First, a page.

Our hosts poured us all another tipple of rice wine, prompted us to hold our shot glasses high in the air, and counted down to take the shot.
The wine slipped down my throat, burning my insides along the way, and when I slammed the glass upside down on the wooden floorboards, the room swayed.
Literally: it swayed.
Because we were dining in a fisherman’s hut moored to one of the limestone pinnacles that define the Ha Long Bay region.
This wasn’t what I had dreamed of when I chartered a boat with 3 other travel friends to cruise around Lan Ha Bay overnight with Asia Outdoors.
But I certainly wasn’t complaining. No plush ocean liner could have beaten this experience.
We had a big wooden boat all to ourselves, with a cabin filled with tables and chairs and a roof decked out with cushions for us to sit back and enjoy the view.
And it was to be a mighty one.
Lan Ha Bay cruise
Lan Ha Bay might take second place to Ha Long Bay, but that doesn’t make it any less beautiful; just more down-to-earth.
It doesn’t get the crowds Halong Bay attracts – and it’s got something else pretty special:
As our little fishing boat chugged out of Cat Ba Island‘s main port, we cruised past a huge floating village. It was wedged between karst mountains and seemed to stretch on forever, a city of ramshackle bungalows floating on water.
Each property boasted a tiny square green and orange house, a patchwork of fishing nets in the water, and a guard dog to yap at us as we passed.
Beyond the village was the immensity of Lan Ha Bay; the aquamarine blue and green of karst cliffs, a scattering of small fishing settlements – a house or two at most – and a dusky orange sky reflected in opaque water.
We docked at one of those fishing settlements. Inside the rudimentary home was a local family and a touring business group with Vietnamese and one lone Japanese man.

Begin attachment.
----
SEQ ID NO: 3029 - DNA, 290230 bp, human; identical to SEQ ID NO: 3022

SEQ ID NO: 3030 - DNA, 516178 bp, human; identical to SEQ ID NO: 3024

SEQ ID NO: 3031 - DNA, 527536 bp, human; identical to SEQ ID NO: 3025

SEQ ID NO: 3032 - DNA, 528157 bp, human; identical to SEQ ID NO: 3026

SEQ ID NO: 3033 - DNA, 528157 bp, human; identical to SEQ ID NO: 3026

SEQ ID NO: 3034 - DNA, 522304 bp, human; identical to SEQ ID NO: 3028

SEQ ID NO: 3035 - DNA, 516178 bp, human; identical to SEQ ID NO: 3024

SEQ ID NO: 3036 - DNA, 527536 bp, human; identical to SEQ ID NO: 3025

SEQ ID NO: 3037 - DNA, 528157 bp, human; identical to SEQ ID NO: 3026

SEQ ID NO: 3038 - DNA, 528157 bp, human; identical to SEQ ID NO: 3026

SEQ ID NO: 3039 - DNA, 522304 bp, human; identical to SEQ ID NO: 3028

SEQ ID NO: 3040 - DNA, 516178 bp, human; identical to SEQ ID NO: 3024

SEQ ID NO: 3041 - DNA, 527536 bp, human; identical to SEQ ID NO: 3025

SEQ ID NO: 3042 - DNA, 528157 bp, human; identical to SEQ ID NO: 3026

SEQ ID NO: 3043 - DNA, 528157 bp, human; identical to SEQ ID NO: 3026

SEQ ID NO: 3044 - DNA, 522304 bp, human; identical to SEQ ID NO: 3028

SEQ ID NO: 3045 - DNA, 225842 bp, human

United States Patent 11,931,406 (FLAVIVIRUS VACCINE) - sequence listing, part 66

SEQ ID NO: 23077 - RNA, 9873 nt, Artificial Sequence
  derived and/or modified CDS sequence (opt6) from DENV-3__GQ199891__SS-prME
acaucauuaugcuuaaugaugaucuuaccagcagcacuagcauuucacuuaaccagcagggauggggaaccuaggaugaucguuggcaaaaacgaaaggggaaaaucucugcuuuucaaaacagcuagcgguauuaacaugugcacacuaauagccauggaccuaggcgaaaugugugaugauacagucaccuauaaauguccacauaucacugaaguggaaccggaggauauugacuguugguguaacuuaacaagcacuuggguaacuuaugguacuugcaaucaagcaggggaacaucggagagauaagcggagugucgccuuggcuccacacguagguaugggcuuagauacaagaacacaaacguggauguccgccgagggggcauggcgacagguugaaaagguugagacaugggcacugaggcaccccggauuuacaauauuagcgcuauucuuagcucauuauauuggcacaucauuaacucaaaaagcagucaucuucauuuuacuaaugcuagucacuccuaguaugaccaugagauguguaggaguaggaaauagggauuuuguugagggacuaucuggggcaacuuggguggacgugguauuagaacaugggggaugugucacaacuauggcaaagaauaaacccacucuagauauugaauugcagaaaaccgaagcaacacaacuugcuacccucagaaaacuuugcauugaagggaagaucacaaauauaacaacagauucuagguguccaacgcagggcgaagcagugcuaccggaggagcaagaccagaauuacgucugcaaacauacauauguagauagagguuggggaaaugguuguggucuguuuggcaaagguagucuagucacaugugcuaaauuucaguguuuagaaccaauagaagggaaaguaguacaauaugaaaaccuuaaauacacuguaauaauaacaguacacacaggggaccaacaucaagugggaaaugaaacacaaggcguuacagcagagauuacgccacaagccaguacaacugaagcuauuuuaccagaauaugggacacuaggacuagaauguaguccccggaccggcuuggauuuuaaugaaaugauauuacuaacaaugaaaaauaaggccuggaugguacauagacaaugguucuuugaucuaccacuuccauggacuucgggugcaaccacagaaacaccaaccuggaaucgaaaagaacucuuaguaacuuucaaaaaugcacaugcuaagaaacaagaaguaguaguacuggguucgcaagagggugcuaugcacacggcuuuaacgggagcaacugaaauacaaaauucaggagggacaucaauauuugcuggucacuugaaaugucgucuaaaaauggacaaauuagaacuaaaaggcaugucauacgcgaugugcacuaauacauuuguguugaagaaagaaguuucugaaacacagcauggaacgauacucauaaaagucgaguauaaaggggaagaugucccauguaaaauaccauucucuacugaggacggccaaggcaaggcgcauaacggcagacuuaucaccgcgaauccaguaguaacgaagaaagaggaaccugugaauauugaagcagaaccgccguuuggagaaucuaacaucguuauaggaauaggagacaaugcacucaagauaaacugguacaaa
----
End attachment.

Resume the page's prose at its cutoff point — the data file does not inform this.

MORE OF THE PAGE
One of the locals was peeling back the floorboards in his home. Below were the murky waters of the bay.
He dangled a limp fish over the water, then hastily dropped it in…
… And a humongous monster fish rose to snatch its dinner.
It was a ‘lucky fish’, the family’s pet.
The fishing family served us dinner. I sat outside with my long-time travel friend and Machu Picchu Jungle Trek companion Silvana to watch the sun set. Dusk painted deep pastel pink and purple streaks across the sky.
The family and boat crew were assembled on floor mats, a feast spread out before them. I watched them pour an amber liquid from a jar filled with what looked like roots into cups.
They saw my curiosity and beckoned me over.
And THAT was when the true experience started.
The family handed us bowls of prawns and made sure our shot glasses stayed full. I made sure to keep my glass half full to avoid unending top-ups.
These Vietnamese, at first so quiet, polite and shy, were transformed into a raucous, rowdy bunch looking for any excuse to cheer loudly.
… Which is probably why they brought out the karaoke.
It doesn’t matter where you are in Vietnam; even on a fishing settlement in the middle of Lan Ha Bay, the Vietnamese love their karaoke.
Raw-voiced and ready for bed, we boarded our boat. A wind swept through the bay and the rains set in. The crew waited for the storm to calm before we chugged into the middle of the bay and anchored for night.
Then they invited us to swim.
It was midnight. We could only see the shadows of the mountains around us.
It was raining still. The temperature had cooled substantially.
Lightening scarred the sky.
But what the heck. I bombed in.
Wet and exhausted, we bunkered down to endure a storm-tossed, broken sleep.
At dawn, we crawled to the roof deck to watch Lan Ha Bay pass by.
It was beautiful.
Read Ha Long Bay Part 1: Motorbiking Adventures.
In the meantime, check out some of my other Vietnamese adventures: